In William Somerset Maugham’s short story ‘The Lotus Eater’, the character of Thomas Wilson is depicted through his encounter with the narrator. Wilson, an English bank manager who had retired, had chosen to live on the Italian island Capri and was subject to various speculations. However, disregarding these rumors, the author personally met him in order to ascertain his actual personality. Having already spent fifteen years on the island, Wilson was portrayed as a middle-aged individual.
Wilson expressed to the author his immediate infatuation with Capri upon first laying eyes on it. He found the location to be incredibly stunning and relished in its auditory offerings until his final day. Following retirement, Wilson relied on a twenty-five year annuity and sought to fully embrace this period of time. Rather than fretting over what lay ahead, he focused on living in the present moment. With no familial responsibilities weighing him down, he believed it was permissible to pursue his own desires. In instances of introspection, nature, music, and literature provided him solace.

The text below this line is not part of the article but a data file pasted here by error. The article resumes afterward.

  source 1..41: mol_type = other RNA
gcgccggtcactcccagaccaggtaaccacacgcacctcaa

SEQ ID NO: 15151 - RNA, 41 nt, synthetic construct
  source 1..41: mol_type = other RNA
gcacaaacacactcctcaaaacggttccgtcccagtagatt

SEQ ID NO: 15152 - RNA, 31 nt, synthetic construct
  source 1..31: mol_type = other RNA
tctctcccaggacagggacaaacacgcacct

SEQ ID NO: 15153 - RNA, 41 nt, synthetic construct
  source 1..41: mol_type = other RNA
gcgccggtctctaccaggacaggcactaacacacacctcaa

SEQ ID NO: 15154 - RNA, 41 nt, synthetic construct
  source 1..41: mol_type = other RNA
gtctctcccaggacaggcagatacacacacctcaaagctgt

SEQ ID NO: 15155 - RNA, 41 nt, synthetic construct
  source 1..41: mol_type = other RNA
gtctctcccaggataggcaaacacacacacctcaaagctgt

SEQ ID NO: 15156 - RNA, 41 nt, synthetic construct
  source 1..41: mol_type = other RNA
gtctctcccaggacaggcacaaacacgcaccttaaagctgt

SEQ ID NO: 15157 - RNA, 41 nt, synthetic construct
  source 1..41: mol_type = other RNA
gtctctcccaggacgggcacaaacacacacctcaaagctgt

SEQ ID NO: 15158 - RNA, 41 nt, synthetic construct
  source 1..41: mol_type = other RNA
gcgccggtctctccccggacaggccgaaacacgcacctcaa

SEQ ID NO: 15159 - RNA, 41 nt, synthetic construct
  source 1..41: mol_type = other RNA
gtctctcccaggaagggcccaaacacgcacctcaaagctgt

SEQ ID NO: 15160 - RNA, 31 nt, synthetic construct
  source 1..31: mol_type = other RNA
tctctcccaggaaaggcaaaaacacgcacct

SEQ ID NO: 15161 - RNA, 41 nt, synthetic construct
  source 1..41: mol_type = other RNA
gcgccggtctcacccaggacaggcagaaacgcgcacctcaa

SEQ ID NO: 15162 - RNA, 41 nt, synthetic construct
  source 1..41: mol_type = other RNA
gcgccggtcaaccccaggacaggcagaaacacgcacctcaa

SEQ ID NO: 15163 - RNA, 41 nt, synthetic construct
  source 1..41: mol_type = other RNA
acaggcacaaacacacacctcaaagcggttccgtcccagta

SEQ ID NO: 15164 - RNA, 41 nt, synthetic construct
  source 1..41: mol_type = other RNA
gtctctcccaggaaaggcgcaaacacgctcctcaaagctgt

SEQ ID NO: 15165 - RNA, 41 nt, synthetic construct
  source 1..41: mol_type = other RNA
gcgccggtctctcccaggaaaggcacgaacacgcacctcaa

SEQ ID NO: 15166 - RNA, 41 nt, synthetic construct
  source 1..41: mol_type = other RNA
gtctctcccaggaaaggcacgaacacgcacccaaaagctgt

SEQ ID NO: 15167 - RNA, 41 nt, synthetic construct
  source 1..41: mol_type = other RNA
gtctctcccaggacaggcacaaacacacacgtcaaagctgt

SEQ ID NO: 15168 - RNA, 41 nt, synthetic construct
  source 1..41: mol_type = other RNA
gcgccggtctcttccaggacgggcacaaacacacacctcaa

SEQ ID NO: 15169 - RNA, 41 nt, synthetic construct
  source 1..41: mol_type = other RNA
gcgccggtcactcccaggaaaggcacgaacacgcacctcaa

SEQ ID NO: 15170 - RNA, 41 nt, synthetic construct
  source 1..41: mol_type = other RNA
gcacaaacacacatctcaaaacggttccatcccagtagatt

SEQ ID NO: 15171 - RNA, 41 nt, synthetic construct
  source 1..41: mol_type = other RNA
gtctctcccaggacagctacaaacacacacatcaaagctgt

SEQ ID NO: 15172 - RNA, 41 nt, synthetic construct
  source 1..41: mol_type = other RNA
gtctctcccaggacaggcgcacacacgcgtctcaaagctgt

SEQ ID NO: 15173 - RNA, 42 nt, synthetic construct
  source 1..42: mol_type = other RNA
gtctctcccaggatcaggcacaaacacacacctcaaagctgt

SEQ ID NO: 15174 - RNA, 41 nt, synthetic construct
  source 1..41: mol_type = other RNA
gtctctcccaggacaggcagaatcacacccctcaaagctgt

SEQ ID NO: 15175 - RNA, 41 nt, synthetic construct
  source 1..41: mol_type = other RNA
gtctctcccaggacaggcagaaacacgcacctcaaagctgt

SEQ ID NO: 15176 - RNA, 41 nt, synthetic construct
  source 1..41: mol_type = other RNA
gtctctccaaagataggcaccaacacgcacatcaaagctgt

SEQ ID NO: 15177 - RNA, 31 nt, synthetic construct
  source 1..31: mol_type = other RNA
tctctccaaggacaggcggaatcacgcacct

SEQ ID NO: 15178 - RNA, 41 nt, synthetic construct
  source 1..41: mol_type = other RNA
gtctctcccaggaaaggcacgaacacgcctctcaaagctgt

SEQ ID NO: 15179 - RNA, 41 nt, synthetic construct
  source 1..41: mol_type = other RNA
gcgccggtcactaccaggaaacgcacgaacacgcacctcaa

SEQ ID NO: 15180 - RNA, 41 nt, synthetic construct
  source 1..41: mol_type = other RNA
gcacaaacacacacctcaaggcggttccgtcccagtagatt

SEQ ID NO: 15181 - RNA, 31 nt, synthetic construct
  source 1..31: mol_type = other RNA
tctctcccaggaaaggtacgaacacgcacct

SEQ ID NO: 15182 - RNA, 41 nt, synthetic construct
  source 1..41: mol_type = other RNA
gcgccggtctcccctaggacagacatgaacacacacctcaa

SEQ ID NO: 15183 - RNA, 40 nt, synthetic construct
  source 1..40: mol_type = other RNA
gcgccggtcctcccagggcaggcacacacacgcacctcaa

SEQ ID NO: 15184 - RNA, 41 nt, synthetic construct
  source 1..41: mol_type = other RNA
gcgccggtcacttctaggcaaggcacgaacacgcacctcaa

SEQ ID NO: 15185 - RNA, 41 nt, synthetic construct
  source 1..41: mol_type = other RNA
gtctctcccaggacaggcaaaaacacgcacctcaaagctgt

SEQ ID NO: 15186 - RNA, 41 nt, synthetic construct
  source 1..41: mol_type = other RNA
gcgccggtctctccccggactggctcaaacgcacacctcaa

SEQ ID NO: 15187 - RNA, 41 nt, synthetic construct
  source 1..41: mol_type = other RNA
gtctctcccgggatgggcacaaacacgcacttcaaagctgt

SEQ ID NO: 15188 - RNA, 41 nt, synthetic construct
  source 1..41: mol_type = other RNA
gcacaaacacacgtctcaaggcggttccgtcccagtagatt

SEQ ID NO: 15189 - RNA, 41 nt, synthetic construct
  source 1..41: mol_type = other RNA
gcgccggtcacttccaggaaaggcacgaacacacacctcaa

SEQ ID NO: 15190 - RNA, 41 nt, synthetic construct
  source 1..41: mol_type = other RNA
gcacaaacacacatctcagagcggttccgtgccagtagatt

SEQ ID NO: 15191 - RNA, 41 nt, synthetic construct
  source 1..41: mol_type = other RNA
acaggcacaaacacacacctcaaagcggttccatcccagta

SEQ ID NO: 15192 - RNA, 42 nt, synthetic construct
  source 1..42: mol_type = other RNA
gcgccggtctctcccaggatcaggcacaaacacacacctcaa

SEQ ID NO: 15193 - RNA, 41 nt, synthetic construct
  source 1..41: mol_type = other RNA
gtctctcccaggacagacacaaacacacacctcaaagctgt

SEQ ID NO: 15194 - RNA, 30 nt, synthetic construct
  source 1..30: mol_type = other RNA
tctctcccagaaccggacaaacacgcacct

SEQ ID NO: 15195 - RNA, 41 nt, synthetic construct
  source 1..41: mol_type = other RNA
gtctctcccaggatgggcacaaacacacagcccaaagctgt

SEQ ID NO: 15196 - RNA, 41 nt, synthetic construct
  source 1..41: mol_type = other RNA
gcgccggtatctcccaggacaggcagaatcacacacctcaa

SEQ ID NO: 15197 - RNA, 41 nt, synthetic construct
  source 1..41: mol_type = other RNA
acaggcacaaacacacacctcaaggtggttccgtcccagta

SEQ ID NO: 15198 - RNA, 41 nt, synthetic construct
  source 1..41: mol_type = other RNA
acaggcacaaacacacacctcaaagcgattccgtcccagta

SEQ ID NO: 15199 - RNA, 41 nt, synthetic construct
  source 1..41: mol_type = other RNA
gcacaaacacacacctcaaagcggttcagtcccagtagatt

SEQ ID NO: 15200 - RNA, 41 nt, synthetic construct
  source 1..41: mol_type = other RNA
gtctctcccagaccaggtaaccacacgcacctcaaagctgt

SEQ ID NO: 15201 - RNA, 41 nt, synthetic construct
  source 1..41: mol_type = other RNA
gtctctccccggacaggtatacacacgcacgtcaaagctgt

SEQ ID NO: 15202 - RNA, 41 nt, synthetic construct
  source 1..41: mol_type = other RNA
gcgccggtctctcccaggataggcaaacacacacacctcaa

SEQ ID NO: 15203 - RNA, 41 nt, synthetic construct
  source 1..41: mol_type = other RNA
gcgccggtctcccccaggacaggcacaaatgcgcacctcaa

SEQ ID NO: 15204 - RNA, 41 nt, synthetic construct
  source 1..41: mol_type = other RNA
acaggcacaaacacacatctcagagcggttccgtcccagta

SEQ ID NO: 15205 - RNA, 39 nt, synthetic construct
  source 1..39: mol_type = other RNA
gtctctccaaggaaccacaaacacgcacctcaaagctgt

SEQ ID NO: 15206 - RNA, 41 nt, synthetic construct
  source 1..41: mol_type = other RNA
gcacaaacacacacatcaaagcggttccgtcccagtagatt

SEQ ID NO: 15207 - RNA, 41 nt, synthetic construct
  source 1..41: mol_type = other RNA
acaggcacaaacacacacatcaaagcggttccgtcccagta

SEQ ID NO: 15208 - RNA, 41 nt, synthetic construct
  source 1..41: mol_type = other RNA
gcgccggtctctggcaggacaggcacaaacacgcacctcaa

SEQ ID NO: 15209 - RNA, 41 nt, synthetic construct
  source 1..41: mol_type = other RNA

Wilson had a preference for leisure over work, as he believed that people only worked in order to have leisure time. After his annuity expired, Wilson faced difficult times and lost the motivation to continue living. Feeling hopeless, Wilson once attempted suicide. Although he survived, his mental state was severely affected. Eventually, he was discovered on a mountainside one morning, lifeless with his eyes closed. The author remembered Wilson mentioning that he had arrived on the island during a moonlit night.
Therefore, he believed that Wilson had died while enjoying a magnificent sight in the moonlight. It is interesting to note that the title of the story ‘The Lotus Eater’ suits Wilson’s character perfectly. The lotus eaters in Homer’s ‘Odyssey’ were Ulysses’ sailors who forgot about their loved ones and homes after eating the ‘lotos’ plant in Lotus-land. After consuming the plant, the sailors sang a memorable chorus expressing their pain and the happiness they found in a life of leisure and inactivity.